By: Alex Wood | Photo: @mgnstr
Songwriter Daniel Johnston is currently embarking on his final tour, the 12-date trek including two shows at The Vic last week.
Amongst rock history’s most creative figures, Johnston naturally wouldn’t settle for simplicity, instead creating a star-studded tour where each city’s stop would be backed by a popular musician or band from the area.
Joined by the Preservation Hall All-Stars in New Orleans, The Districts and Modern Baseball in Philadelphia, and Built To Spill in Portland and Vancouver, Johnston’s choice for the shows at The Vic was naturally Wilco’s Jeff Tweedy, a Chicago icon and longtime fan.
Billed as Daniel Johnston with Jeff Tweedy & Friends, the two sold-out shows had a mysterious appeal, with a screening of the beloved documentary The Devil and Daniel Johnston replacing an opener.
This was obviously going to be a strange but special evening.
The audience sat in chairs, the majority of which were taken by the film’s beginning. The documentary, released in 2005, chronicled Johnston’s entire life, his story a vital part of understanding his artistry.
For those unfamiliar with his legendary back-story, as described in the documentary, it goes like this:
Johnston’s music gained popularity throughout the 80s, when he began self-distributing cassettes recorded on a cheap boombox while living with his parents or other family members. The songs were simplistic but creative, primarily featuring Johnston on a piano, chord organ or guitar.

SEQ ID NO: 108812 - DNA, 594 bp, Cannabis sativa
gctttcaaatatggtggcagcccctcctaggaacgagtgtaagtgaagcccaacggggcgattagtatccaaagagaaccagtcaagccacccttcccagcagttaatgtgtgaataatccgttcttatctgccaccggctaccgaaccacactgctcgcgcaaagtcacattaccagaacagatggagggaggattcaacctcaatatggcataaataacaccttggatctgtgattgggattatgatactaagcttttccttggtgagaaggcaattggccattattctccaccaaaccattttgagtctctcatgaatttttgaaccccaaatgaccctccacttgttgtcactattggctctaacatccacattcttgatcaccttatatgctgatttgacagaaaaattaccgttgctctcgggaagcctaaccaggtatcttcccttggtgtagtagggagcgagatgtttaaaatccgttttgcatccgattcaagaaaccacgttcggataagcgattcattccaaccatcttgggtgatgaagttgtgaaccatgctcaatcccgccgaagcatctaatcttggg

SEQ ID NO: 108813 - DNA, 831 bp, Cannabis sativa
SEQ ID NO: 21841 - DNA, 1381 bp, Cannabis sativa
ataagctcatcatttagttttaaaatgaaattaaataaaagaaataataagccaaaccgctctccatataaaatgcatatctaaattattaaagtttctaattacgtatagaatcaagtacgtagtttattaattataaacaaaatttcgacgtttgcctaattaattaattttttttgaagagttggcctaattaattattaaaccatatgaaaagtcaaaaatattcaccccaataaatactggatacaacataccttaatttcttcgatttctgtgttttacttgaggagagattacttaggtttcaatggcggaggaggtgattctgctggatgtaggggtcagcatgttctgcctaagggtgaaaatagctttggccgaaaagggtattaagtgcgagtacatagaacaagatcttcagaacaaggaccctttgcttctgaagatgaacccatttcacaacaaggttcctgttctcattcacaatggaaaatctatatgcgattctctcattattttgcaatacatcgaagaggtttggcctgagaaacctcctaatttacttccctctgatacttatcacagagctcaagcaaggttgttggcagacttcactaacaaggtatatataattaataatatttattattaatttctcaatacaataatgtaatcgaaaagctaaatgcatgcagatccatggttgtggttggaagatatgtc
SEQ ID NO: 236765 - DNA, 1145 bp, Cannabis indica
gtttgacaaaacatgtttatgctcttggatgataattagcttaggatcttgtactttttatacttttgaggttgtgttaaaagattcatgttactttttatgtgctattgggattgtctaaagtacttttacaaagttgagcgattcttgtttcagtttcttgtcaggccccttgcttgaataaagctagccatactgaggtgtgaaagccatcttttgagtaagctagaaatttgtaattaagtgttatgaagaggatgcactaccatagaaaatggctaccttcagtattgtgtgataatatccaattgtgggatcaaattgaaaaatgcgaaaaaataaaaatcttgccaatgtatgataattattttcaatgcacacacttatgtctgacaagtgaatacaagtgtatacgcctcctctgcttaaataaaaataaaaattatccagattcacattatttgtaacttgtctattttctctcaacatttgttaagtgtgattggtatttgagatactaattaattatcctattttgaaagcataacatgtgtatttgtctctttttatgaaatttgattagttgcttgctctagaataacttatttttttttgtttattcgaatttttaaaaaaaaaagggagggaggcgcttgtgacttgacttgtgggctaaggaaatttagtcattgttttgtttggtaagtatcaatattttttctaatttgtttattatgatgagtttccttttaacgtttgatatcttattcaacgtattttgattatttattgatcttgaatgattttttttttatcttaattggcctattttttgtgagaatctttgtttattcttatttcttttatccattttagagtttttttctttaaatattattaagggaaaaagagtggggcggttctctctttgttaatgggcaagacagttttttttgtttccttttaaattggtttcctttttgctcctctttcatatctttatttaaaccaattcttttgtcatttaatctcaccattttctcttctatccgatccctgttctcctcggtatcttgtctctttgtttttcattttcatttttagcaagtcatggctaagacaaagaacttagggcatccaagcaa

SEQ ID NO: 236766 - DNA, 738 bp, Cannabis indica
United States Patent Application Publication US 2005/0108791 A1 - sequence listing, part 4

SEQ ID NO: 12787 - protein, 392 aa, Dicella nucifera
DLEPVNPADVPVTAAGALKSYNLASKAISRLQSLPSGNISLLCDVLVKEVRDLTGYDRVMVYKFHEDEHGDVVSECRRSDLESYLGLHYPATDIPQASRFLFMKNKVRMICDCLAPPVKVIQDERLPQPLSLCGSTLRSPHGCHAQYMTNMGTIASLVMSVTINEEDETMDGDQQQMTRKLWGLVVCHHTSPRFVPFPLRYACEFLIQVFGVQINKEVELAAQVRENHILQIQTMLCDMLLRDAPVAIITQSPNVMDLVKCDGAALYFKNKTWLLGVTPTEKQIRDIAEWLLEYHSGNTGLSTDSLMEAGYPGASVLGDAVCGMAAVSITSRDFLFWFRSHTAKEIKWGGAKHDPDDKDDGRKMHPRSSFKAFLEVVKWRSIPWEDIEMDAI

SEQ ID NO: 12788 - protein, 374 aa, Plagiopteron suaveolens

By the mid-80s, he was well known in the Austin, Texas music scene, loved for the pure and childlike nature of his writing. However, as his popularity grew, so did his mental challenges, eventually being diagnosed with schizophrenia and manic-depression.
As major labels became interested in signing Johnston, multiple manic episodes occurred, including chasing an elderly woman out of a second-story window and crashing his father’s plane. Delusional and obsessed with avoiding Satan, Johnston would spend the following years of his life on medication in mental institutions.
During the early 90s, Kurt Cobain began wearing Johnston’s Hi, How Are You shirt regularly, leading to an increased popularity on a worldwide level. Though the massive body of work Johnston created in the 80s would remain highly influential, he was never able to find the success most fans expected for him, and would continue to live with his parents and tour sparingly, when able, for the remainder of his career.
Fast-forward to The Vic, and this poignant opportunity for Johnston’s cult-like fanbase to see him one last time, the audience wildly applauding the movie’s end, unsure of what was to follow.